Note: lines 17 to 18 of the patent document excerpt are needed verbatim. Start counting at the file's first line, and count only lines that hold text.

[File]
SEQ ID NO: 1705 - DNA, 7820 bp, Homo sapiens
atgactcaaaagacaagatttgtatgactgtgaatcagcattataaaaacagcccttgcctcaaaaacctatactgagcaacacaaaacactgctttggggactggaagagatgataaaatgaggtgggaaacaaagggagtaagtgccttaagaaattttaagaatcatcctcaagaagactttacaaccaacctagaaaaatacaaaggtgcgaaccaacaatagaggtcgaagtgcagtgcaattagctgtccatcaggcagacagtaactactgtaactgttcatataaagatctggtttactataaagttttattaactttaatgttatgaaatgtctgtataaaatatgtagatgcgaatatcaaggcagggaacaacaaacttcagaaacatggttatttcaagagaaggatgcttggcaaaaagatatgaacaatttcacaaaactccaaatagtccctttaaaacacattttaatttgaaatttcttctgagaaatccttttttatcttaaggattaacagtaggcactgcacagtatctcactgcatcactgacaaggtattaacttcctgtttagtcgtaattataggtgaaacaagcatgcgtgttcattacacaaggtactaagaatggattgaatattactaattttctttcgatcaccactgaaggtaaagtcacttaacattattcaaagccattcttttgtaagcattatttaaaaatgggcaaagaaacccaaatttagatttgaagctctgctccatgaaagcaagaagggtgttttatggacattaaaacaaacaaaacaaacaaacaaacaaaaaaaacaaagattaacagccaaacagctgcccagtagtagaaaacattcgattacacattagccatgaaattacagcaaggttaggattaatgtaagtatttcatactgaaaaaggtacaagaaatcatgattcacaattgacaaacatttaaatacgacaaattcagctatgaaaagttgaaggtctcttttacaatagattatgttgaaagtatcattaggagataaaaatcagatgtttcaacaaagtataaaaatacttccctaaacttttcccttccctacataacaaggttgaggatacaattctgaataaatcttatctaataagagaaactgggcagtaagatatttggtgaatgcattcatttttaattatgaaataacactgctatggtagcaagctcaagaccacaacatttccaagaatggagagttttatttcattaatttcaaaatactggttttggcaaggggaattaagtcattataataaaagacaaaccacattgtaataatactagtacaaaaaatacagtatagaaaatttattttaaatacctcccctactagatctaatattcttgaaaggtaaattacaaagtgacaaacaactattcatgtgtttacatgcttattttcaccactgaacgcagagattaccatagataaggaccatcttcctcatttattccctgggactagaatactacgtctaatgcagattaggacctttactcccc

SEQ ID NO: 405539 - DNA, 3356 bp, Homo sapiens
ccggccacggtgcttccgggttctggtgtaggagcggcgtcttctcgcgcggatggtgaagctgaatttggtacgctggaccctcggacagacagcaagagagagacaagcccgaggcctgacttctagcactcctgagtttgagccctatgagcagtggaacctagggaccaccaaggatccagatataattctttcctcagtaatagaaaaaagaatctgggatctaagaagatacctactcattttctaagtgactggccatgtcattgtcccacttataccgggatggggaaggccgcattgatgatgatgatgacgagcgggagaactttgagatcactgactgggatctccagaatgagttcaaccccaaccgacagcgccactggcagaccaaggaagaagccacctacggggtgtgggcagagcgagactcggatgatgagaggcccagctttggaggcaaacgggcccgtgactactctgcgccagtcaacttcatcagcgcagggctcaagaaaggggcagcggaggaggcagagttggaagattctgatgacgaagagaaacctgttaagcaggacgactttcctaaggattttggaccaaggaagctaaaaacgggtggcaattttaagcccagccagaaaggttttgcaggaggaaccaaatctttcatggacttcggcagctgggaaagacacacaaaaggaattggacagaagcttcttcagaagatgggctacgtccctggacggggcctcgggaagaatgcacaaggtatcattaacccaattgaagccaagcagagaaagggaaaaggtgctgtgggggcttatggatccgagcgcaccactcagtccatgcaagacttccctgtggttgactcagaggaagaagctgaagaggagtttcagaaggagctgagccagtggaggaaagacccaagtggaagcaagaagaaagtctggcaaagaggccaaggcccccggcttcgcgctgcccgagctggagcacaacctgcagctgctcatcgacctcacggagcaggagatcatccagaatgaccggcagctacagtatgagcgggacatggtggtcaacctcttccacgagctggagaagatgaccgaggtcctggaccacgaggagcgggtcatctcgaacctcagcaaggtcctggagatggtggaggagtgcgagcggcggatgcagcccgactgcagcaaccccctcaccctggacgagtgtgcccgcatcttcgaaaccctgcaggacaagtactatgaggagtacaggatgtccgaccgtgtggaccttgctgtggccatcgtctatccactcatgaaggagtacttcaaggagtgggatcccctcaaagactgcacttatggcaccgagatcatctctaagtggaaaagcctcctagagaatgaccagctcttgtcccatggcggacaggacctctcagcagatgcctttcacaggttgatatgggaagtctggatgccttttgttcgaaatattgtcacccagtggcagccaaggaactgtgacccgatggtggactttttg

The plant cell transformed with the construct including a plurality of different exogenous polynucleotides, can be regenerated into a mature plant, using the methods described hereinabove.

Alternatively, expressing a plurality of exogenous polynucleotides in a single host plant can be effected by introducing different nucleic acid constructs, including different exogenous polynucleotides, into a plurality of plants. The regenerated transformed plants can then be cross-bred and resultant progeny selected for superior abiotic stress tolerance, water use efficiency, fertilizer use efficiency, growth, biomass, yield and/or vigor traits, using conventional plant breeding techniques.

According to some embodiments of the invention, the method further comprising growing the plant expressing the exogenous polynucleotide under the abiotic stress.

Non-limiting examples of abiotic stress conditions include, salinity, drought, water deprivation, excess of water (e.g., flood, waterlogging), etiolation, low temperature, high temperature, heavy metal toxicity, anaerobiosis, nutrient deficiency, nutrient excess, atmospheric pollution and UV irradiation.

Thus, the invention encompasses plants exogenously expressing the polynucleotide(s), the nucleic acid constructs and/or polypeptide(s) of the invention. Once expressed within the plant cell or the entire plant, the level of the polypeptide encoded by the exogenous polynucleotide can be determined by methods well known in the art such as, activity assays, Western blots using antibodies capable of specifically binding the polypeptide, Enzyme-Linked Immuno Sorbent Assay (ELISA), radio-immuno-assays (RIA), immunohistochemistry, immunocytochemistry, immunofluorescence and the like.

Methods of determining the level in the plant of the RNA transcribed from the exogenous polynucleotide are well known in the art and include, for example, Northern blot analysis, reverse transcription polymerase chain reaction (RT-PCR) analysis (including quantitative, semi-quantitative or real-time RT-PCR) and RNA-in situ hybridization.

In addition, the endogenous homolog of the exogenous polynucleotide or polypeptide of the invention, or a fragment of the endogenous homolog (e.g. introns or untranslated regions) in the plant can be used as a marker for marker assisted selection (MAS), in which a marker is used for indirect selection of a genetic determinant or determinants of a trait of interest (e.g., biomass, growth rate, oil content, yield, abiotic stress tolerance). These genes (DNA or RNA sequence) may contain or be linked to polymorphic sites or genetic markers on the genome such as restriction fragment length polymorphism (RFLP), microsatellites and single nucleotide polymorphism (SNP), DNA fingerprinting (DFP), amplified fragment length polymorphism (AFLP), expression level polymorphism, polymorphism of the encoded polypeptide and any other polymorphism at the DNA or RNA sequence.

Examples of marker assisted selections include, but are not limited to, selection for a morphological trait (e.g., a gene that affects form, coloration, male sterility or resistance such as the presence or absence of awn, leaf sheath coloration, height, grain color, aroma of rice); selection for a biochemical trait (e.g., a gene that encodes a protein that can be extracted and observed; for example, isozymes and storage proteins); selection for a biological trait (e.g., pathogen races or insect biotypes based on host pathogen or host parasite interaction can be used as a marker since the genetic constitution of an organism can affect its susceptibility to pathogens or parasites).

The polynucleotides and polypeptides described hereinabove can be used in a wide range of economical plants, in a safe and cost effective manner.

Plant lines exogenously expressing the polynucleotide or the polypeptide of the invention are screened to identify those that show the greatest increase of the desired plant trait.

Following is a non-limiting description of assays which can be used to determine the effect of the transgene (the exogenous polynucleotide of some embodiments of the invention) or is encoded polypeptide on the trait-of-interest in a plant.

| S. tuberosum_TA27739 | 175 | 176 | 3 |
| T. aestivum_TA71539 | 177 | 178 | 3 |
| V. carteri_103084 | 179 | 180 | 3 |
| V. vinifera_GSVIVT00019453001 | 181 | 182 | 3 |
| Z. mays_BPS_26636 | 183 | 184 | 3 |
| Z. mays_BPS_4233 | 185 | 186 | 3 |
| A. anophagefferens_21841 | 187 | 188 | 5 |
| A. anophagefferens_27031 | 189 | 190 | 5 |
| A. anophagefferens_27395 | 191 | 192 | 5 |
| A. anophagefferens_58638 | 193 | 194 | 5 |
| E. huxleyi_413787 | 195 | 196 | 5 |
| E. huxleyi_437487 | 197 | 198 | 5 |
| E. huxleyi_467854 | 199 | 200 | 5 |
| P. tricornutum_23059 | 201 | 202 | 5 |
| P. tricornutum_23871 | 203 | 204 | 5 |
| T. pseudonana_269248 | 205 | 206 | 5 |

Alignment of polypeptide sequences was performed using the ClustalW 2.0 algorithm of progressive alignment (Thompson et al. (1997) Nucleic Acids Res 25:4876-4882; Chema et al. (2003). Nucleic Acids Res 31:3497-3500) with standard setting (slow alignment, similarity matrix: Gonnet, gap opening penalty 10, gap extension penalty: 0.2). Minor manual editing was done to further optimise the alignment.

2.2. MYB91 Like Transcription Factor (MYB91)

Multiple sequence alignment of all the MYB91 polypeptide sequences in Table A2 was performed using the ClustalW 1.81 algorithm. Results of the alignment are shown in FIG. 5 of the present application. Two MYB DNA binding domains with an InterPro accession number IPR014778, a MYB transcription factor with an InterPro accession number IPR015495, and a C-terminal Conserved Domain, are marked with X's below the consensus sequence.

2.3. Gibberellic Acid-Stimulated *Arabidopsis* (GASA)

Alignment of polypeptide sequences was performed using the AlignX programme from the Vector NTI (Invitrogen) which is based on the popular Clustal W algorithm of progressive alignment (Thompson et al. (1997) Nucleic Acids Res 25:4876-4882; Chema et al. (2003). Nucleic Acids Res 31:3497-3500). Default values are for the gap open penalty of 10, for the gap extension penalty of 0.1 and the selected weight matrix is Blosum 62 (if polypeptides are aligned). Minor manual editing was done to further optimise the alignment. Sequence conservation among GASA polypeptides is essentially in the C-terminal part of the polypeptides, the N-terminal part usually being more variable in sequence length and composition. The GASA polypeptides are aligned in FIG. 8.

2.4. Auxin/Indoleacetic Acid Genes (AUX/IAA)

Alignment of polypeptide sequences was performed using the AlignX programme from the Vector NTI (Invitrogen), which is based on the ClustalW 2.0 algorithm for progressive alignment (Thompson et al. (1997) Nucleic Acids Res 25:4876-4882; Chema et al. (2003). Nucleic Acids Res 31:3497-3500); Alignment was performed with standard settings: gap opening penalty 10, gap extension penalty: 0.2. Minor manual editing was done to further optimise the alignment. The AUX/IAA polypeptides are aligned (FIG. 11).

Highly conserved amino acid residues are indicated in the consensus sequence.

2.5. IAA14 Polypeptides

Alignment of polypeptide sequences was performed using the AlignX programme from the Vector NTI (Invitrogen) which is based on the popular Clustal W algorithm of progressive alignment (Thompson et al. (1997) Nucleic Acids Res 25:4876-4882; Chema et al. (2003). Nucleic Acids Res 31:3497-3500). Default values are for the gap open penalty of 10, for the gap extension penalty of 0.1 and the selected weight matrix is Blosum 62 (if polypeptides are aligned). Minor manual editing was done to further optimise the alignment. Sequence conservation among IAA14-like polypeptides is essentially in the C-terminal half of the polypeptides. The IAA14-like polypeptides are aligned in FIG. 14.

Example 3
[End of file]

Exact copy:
| T. aestivum_TA71539 | 177 | 178 | 3 |
| V. carteri_103084 | 179 | 180 | 3 |